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Rectal foreign body – Case report

Gun Kim

Department of Surgery, St. Vincent Hospital, The Catholic University of Korea, Suwon, Korea

Nam-Hee Kim

Department of Surgery, St. Vincent Hospital, The Catholic University of Korea, Suwon, Korea

Ri Na Yoo

Department of Surgery, St. Vincent Hospital, The Catholic University of Korea, Suwon, Korea

Bong-Hyeon Kye

Department of Surgery, St. Vincent Hospital, The Catholic University of Korea, Suwon, Korea

Hyeon-Min Cho

Department of Surgery, St. Vincent Hospital, The Catholic University of Korea, Suwon, Korea

HyungJin Kim

Department of Surgery, St. Vincent Hospital, The Catholic University of Korea, Suwon, Korea

DOI: 10.15761/TEC.1000139

Article
Article Info
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Figures & Data

Key words

 emergency department (ED), foreign body, abdominopelvic, laparotomy, sigmoid colon

Case presentation

Hospital presentation with foreign body retained in the rectum is occasionally observed in the emergency department (ED). Previous reports demonstrated that it is seen more frequently in male of 3rd or 4th decades. Various objects are presented with different size and shape. The diagnosis requires digital rectal exam as well as radiologic examination, such as abdominal X-ray and/or abdominopelvic CT scan to evaluate the retained material. Based on thorough evaluation, plan for management can be delineated.

Objectives

In this article, we present the cases with retained foreign body in the rectum.

Methodology

Between 2010 and 2016, 4 patients with foreign body in rectum.

Results

Case 1. A 50-year-old male presented in the ED, complaining inability to remove cylindrical plastic bottle in the rectum after 4 hours of initial insertion. On physical examination, anal bleeding as well as laceration was seen; however, abdominal symptom, such as pain, was not evident. Considering the size and shape, endoscopic removal was not possible (Figure 1). Under general anesthesia, transanal manual removal was attempted in lithotomy position. Postoperative colonoscopy showed no perforation site in the rectum, only two small lesions with mild erosion (Figure 2).

Figure 1. Preoperative KUB shows bottle in the rectum.

Figure 2. Colonoscopy shows mild erosion in the rectum.

Case 2. A 51-year-old male presented in the ED, complaining severe abdominal pain for 10 hours just after awakening from drunken state. On physical examination, no sign of peritoneal irritation was observed. On the radiologic examination, cylindrical object in the rectum sized 9.5cm by 6.5cm was detected. (Figure 3) Under the general anesthesia, the foreign object was removed transanally using rectal retractor in lithotomy position. (Figure 4)

Figure 3. CT coronary view demonstrate cylindrical  object in the rectum.

Figure 4. Removed foreign body.

Case 3. A 54-year-old male came to the ED due to persistent anal pain after inserting a bottle of soy milk in 7 hours before. Grossly, any perianal wound was not observed. On the digital rectal examination, the foreign object was palpated at the tip of the index finger. Chest X-ray revealed intra-abdominal free air. Subsequent abdominal-pelvic CT scan demonstrated not only foreign body retained in the rectum but also perforation in the sigmoid colon (Figure 5). The patient underwent laparotomy for exploration under the general anesthesia. The foreign body was removed through the anus by squeezing the rectum intra-abdominally. For the perforated sigmoid colon, primary repair was performed.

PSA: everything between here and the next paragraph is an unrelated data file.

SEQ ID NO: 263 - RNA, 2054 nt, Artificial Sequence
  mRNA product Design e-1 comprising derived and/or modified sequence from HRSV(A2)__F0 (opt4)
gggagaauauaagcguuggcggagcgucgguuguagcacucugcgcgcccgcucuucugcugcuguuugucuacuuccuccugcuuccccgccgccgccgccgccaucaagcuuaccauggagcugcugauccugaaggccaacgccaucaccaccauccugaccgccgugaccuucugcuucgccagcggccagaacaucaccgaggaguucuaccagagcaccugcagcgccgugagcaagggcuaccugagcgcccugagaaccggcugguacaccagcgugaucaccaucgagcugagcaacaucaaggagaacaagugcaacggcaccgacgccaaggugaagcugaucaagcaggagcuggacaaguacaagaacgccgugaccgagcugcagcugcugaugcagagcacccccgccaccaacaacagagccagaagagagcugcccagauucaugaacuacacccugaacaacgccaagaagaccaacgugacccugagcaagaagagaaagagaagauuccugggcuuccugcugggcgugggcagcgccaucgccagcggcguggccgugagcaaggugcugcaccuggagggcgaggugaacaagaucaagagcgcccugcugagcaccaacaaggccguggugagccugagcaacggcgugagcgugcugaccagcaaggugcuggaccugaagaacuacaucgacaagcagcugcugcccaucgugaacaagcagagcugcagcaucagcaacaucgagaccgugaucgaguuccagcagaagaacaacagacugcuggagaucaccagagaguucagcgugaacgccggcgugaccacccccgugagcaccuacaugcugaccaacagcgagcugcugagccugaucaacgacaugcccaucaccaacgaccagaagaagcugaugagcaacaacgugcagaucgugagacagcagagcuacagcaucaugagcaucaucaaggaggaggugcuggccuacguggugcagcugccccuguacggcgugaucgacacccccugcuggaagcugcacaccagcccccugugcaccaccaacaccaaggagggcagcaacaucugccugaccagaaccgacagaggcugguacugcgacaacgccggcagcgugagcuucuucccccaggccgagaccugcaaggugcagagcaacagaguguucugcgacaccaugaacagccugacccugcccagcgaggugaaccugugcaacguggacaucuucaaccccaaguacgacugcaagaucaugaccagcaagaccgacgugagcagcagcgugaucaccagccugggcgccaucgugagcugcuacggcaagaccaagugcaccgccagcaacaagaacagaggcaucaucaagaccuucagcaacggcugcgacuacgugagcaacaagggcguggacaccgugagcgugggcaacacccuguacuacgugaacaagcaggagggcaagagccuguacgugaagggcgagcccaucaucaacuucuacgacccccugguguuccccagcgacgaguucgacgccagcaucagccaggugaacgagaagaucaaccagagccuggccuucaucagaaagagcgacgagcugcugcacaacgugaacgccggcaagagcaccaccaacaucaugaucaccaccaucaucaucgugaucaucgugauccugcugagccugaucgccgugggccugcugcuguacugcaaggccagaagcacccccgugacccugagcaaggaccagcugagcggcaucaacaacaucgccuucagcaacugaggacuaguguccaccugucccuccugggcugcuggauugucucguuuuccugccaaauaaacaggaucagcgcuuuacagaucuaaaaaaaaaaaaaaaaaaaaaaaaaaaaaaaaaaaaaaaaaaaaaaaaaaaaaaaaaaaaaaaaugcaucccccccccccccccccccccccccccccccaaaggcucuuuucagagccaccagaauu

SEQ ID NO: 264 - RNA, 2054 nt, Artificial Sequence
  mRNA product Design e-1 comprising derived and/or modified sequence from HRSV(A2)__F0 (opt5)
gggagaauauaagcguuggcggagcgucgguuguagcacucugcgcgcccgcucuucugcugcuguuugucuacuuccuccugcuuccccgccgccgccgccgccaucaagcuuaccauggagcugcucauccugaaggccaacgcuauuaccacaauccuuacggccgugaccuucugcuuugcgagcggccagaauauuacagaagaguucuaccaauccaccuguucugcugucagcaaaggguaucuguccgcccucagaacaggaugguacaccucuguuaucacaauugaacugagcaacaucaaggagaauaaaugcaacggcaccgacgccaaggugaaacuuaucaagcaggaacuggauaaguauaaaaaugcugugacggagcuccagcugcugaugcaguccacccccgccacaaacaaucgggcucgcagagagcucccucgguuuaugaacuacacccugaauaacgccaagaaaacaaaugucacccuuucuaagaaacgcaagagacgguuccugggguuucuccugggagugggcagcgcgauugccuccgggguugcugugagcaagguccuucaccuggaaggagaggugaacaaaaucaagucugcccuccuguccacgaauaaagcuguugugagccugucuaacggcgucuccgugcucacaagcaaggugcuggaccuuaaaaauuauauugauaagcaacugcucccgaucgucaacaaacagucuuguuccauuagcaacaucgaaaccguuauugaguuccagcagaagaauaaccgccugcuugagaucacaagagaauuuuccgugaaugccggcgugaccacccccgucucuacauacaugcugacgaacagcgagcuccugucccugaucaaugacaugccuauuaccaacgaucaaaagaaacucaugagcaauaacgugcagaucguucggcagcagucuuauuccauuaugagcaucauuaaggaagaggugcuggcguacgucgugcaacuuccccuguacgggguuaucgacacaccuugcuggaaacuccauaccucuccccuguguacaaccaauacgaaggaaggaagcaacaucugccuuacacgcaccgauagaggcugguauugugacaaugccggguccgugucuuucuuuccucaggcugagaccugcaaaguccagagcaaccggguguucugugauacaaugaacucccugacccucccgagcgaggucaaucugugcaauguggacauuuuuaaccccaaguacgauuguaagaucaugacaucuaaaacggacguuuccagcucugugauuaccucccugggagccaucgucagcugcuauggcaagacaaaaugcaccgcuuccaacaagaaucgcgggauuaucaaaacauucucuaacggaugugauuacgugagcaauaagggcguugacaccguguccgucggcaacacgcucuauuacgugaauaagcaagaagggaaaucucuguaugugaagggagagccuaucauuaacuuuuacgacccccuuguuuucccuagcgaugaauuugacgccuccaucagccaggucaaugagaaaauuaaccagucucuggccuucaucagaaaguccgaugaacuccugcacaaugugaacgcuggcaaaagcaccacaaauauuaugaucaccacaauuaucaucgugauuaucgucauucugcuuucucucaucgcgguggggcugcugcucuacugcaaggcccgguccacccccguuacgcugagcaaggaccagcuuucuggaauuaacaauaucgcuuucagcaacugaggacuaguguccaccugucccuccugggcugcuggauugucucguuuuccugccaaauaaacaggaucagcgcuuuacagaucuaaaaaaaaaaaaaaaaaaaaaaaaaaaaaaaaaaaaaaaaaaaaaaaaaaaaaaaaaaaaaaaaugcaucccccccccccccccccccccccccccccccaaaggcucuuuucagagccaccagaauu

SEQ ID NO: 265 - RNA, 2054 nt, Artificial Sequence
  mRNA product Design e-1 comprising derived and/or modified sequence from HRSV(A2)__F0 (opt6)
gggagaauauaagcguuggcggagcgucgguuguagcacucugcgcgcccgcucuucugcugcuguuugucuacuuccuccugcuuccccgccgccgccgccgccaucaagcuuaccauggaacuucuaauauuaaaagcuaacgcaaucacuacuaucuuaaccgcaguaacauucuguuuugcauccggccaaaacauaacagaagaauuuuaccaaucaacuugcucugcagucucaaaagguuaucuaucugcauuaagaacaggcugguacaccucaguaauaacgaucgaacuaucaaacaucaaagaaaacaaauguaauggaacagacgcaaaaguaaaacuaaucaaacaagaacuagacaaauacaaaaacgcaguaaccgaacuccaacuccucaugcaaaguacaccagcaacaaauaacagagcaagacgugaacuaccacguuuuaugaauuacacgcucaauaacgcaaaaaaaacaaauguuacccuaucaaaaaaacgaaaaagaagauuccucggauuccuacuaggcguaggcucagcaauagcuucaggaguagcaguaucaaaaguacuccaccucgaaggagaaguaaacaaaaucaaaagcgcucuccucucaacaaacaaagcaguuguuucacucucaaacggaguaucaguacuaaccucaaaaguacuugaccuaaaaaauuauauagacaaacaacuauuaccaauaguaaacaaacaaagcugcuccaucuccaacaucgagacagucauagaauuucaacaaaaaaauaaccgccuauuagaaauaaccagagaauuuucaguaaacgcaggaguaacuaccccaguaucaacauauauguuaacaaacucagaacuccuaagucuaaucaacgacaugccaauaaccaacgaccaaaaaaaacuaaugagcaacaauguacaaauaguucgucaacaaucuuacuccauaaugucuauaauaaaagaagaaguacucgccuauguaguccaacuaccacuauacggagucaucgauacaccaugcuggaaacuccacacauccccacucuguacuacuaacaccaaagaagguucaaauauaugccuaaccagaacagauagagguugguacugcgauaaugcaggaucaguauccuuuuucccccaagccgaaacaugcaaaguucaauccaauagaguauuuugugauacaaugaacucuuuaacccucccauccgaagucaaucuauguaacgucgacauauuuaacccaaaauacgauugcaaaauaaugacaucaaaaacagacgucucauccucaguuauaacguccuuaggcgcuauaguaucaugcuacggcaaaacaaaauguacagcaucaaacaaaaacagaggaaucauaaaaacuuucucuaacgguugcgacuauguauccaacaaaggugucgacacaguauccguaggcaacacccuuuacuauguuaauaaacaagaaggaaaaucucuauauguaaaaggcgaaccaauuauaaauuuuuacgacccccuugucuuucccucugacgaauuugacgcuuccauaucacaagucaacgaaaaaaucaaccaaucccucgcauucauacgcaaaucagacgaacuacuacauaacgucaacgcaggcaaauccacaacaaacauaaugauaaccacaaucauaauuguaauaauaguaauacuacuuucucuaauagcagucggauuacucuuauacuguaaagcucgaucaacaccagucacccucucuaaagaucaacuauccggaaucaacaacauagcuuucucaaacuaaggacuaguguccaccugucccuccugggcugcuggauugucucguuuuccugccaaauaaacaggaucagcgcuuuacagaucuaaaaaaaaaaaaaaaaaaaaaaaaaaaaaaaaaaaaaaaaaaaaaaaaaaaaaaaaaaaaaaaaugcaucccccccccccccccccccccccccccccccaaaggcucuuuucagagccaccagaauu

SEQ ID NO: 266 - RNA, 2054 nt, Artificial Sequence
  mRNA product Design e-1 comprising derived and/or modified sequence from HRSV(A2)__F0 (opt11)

Figure 5. CT coronary and axial view shows bottle retained in the rectum and free air.

Case 4. A 59-year-old male came to the ED, complaining perianal pain with edema for a week. On digital rectal examination, sharp, needle-like foreign body was palpated in the rectum. On the abdominal-pelvic CT scan, 3cm sized linear object retained in the rectum was shown. On sigmoidoscopy, it was evident that the foreign body was fish bone, and it was successfully removed by using endoscopic forceps (Figure 6).

Figure 6. Removed foreign body and sigmoidoscopic finding after removal.

Conclusion

The management of retained foreign body requires sophisticated approach based on accurate information and thorough evaluation. The size, shape, and nature of the foreign object should be known before any attempt to remove. Appropriate method in various interventions should be chosen to least the injury to the rectum and anus.

Editorial Information

Editor-in-Chief

Guo-Gang Xing
Perking University

Article Type

Case Report

Publication history

Received: May 04 2017
Accepted: May 23, 2017
Published: May 25, 2017

Copyright

©2016 Hyeon-Min Cho. This is an open-access article distributed under the terms of the Creative Commons Attribution License, which permits unrestricted use, distribution, and reproduction in any medium, provided the original author and source are credited.

Citation

Hyeon-Min Cho (2017) Rectal foreign body – Case report. Trauma Emerg Care 2: DOI: 10.15761/TEC.1000139

Corresponding author

Hyeon-Min Cho

1Department of Surgery, St. Vincent Hospital, The Catholic University of Korea, Suwon, Korea, 93-6, Ji-dong, Paldal-gu, Suwon-si, Gyeonggi-do 442-723, South Korea, Tel: +82-10-6590-0955

Figure 1. Preoperative KUB shows bottle in the rectum.

Figure 2. Colonoscopy shows mild erosion in the rectum.

Figure 3. CT coronary view demonstrate cylindrical  object in the rectum.

Figure 4. Removed foreign body.

Figure 5. CT coronary and axial view shows bottle retained in the rectum and free air.

Figure 6. Removed foreign body and sigmoidoscopic finding after removal.